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Value Chain and Financing in the African Market

Agricultural Insight With Musa Group

Value Chain and Financing in the African Market


In the below sit-down interview, Andrew Makenete, Musa Group’s Agri-Business Executive discusses financing options for emerging farmers in South Africa.


 Q: How does farmer financing in South Africa compare with the process in other African countries? 

A: In the rest of the continent farmers do not own or have individual property rights. The state owns the land and leases it back to farmers, in most cases, with well-established traditional norms and status. Long term leases are available for investors and people seeking more secure rights. Typically, the land where actual farming takes place is of a much better quality (productive capacity) than land in South Africa. It is a commonly known fact that SA is actually not well endowed agriculturally, compared to the rest of the continent; particularly the countries in Sub Saharan Africa. This means that farmers can produce on much smaller pieces of land and with higher yielding crops. Contract farming is common in the rest of the continent whereby small holder farmers are provided inputs and production finance and then they deliver the crops (produce) to the person who financed them. This is often a sugar, cotton mill, processor, or packing facility, hence being the only market for the produce. The finance risks are fairly limited in such an arrangement.

Q: What kind of financing is available for emerging and smallholder farmers in South Africa? 

A: Grant funding in various forms is available in very limited forms to emerging and smallholder farmers. This is normally from the state (national and provincial governments) in various guises or schemes. It is so limited that it reaches only a few and has had little impact. It is either for production finance, or used to fund acquisitions, primarily of land, using the three key land reform strategies.

Limited recourse funding – typically provided by SOEs such as the Landbank, IDC and a variety of provincial funding institutions, whereby the funding is somewhat subsidized and the risk lies to some extent with the funder. Recourse is often some level of personal sureties, the crop, cessions on income etc. Some private sector companies also provide such type of funding and use various instruments such as input financing, crop sharing schemes, and subsidized 3rd party insurances (sometimes even from donor countries or agencies) to cover the risks.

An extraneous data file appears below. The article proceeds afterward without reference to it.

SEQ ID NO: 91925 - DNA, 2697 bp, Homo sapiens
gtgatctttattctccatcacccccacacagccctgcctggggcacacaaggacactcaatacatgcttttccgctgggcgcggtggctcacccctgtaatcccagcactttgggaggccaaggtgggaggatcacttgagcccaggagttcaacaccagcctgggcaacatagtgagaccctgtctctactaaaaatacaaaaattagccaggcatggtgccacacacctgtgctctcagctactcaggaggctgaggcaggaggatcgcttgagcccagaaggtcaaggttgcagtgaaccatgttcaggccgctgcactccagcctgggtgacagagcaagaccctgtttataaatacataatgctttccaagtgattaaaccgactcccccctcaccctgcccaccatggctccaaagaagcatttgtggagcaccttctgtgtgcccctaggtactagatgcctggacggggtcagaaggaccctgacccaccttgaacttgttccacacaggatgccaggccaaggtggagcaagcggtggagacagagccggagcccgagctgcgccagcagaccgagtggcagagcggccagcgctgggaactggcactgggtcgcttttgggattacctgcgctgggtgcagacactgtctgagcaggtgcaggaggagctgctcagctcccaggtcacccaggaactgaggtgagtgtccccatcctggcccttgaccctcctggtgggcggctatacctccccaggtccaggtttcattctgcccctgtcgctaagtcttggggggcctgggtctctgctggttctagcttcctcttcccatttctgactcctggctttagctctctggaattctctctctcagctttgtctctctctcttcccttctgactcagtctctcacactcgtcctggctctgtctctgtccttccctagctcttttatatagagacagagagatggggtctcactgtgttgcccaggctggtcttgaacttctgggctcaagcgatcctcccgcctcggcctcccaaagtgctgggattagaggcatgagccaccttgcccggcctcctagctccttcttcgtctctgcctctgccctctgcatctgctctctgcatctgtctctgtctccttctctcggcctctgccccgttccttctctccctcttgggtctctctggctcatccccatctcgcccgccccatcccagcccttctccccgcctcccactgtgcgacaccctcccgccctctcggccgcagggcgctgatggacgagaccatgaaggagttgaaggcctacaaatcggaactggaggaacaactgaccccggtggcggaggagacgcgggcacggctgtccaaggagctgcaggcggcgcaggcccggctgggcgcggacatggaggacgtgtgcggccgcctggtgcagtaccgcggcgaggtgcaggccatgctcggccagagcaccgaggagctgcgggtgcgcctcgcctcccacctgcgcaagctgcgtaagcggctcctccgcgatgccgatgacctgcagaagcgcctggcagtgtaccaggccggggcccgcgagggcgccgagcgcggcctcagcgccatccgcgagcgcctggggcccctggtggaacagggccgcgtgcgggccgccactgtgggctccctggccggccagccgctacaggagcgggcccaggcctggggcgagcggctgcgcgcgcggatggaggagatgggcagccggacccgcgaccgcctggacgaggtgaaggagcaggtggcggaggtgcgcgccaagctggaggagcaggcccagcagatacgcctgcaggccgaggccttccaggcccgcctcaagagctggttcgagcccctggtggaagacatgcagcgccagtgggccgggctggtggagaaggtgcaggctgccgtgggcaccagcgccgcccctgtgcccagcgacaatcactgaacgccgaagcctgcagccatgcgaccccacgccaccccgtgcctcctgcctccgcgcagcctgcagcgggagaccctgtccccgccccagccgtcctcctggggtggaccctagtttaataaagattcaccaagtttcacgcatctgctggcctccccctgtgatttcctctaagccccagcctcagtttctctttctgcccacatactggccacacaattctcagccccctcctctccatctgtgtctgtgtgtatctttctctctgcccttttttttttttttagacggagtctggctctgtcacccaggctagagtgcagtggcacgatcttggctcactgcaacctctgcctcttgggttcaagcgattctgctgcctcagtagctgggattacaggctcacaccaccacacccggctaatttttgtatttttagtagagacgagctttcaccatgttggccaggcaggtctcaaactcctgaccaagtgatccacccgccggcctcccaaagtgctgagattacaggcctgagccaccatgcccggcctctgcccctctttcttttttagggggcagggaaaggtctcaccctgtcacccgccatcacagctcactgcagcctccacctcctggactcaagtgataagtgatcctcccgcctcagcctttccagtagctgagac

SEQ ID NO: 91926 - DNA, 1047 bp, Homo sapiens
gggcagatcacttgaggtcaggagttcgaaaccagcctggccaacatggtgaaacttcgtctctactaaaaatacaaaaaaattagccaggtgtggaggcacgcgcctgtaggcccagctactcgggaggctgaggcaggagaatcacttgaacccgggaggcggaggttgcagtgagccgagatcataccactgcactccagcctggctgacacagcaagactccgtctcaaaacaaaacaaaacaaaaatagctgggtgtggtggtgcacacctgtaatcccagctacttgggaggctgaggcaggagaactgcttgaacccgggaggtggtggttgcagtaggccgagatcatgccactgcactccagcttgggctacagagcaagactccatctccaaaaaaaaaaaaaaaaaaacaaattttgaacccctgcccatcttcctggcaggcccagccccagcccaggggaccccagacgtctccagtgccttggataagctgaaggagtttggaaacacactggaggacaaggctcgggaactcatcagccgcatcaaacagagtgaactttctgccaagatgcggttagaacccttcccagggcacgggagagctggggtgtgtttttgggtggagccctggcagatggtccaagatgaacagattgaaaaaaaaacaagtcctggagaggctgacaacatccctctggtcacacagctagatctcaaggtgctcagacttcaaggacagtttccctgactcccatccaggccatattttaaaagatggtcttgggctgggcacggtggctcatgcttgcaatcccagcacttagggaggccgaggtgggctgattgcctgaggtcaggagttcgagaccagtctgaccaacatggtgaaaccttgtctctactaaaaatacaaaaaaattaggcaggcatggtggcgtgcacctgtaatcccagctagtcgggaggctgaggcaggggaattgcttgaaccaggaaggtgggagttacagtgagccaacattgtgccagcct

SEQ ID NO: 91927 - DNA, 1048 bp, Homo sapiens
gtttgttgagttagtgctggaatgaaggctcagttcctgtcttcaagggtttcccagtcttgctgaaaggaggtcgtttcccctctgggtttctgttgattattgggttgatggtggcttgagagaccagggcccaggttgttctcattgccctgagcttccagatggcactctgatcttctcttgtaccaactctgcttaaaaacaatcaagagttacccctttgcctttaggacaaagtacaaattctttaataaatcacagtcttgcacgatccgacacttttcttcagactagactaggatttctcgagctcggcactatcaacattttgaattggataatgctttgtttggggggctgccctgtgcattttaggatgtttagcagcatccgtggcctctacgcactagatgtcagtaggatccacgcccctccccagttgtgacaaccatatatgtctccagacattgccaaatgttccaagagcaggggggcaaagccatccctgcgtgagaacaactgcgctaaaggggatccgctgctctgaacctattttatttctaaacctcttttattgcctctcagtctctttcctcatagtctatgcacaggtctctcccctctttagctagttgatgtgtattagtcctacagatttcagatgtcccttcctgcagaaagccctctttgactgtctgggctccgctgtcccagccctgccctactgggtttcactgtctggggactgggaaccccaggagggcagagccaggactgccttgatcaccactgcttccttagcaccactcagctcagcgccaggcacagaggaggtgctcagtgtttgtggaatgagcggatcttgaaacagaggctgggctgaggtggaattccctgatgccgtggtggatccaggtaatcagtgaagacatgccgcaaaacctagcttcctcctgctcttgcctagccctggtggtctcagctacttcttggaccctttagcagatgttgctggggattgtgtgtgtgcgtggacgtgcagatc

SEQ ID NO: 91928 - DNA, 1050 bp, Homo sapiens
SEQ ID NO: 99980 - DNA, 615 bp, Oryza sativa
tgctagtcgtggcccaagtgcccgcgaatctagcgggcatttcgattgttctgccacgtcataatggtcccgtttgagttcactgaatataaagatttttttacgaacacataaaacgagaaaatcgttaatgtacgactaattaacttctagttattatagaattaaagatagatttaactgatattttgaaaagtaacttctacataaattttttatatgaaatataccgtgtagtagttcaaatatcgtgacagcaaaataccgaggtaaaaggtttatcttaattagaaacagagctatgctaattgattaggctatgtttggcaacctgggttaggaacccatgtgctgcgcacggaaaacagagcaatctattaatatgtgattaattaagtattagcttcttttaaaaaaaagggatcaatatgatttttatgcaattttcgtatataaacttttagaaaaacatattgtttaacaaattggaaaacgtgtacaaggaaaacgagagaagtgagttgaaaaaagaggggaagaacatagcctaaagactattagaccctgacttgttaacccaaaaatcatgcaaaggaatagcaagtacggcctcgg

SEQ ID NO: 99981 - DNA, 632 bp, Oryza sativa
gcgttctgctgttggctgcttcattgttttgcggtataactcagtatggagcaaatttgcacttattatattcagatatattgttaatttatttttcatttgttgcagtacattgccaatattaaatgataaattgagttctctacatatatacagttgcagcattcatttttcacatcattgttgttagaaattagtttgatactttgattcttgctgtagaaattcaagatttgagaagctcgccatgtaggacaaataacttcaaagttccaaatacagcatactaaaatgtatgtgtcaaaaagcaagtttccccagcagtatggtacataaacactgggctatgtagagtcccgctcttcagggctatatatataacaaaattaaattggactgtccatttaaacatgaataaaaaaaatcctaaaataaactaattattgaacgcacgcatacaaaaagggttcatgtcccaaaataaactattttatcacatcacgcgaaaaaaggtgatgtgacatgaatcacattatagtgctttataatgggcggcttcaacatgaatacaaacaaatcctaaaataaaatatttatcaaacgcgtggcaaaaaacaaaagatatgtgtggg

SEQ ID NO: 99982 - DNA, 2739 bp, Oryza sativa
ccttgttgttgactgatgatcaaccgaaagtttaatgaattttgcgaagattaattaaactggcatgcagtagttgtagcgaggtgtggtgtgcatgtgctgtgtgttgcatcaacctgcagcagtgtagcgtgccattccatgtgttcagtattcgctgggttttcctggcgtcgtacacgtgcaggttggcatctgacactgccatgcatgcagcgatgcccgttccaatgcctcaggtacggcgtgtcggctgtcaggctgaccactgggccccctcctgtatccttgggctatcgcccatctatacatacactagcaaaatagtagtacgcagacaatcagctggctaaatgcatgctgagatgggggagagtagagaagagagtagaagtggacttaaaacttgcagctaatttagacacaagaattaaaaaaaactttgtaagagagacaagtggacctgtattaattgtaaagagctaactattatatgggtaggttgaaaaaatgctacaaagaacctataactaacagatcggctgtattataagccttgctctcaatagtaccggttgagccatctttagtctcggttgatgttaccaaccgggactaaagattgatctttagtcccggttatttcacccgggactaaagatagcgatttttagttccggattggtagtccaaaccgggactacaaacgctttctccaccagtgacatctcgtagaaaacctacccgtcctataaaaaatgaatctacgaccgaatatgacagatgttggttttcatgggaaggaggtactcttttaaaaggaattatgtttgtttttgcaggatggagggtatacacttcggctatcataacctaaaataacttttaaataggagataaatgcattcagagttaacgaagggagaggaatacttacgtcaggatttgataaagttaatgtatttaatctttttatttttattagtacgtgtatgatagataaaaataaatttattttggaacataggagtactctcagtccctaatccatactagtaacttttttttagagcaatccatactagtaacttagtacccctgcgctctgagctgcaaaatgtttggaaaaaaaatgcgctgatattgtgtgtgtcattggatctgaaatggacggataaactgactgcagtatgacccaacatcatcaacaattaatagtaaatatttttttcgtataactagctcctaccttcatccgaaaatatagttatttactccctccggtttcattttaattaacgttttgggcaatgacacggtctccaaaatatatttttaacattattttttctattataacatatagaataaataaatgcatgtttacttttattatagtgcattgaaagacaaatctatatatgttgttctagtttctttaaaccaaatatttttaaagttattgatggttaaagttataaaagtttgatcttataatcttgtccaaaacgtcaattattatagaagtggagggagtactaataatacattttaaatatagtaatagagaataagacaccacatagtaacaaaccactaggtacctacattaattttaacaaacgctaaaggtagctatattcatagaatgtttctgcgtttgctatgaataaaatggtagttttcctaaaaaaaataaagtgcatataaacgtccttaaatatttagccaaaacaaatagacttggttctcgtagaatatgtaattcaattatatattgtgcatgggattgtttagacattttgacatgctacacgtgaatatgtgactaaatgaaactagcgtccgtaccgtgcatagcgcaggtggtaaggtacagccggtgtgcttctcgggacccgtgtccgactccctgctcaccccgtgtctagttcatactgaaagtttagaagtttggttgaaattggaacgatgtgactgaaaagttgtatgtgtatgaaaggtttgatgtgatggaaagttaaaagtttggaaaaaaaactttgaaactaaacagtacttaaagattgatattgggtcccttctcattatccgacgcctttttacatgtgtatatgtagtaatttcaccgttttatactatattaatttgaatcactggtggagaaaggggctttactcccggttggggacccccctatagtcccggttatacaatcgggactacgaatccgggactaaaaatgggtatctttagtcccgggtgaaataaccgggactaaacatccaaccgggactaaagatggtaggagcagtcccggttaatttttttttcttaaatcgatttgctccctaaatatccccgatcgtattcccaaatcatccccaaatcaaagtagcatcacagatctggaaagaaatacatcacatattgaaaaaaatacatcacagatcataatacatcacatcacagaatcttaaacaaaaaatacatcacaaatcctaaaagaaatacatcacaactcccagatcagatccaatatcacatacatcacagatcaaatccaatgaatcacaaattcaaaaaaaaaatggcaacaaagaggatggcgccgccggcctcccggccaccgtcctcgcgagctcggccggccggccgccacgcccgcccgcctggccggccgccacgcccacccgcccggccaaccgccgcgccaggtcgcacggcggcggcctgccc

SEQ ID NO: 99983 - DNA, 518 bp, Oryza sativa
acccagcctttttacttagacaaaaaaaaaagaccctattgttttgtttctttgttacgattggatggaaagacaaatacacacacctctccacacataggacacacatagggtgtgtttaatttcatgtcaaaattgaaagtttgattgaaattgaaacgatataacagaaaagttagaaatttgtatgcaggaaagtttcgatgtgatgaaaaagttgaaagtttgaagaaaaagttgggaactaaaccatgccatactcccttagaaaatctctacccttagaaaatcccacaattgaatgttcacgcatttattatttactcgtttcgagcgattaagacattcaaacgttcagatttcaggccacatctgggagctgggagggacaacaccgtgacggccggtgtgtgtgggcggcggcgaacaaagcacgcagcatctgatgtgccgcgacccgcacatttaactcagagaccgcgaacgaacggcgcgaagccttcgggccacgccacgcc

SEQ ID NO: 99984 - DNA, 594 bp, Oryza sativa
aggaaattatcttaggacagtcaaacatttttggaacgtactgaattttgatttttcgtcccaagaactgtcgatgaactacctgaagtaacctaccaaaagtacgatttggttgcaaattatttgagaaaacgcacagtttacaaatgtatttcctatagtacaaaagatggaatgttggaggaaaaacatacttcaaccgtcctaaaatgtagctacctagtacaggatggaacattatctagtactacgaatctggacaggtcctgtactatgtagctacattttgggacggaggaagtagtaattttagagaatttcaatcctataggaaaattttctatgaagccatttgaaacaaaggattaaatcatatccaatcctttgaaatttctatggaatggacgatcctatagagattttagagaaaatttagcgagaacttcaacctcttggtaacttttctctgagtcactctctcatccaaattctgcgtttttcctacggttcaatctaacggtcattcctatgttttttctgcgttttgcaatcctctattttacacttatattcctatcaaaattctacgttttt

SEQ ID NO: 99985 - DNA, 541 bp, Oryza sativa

Q: What is the biggest mistake made by primary producers when obtaining production financing? 

A: There are a number of key risks and it is difficult to isolate just one since they are somewhat interrelated. The modern commercial farmer produces best when they are sure of a market for their produce, which can provide a commercial return. Emerging farmers, often, cannot produce at a commercial scale with is typically dependent on

economies of scale, therefore not being able to cover their production costs. At the minimum, a producer must be able to recover their production (input) costs.

Q: How do you envision financing of primary producers changing within the next ten years? 

A: The so called “value chain financing” methodology is the way to go. Primary producers become part of product value chain where the financier intermediates the whole production chain – de-risking each and every step in the chain and determining the real costs and risks and ensuring sequencing in such a manner to have adequate financial cover across the chain.

PDF Version Here: Musa Group Agricultural Insight-A Makenete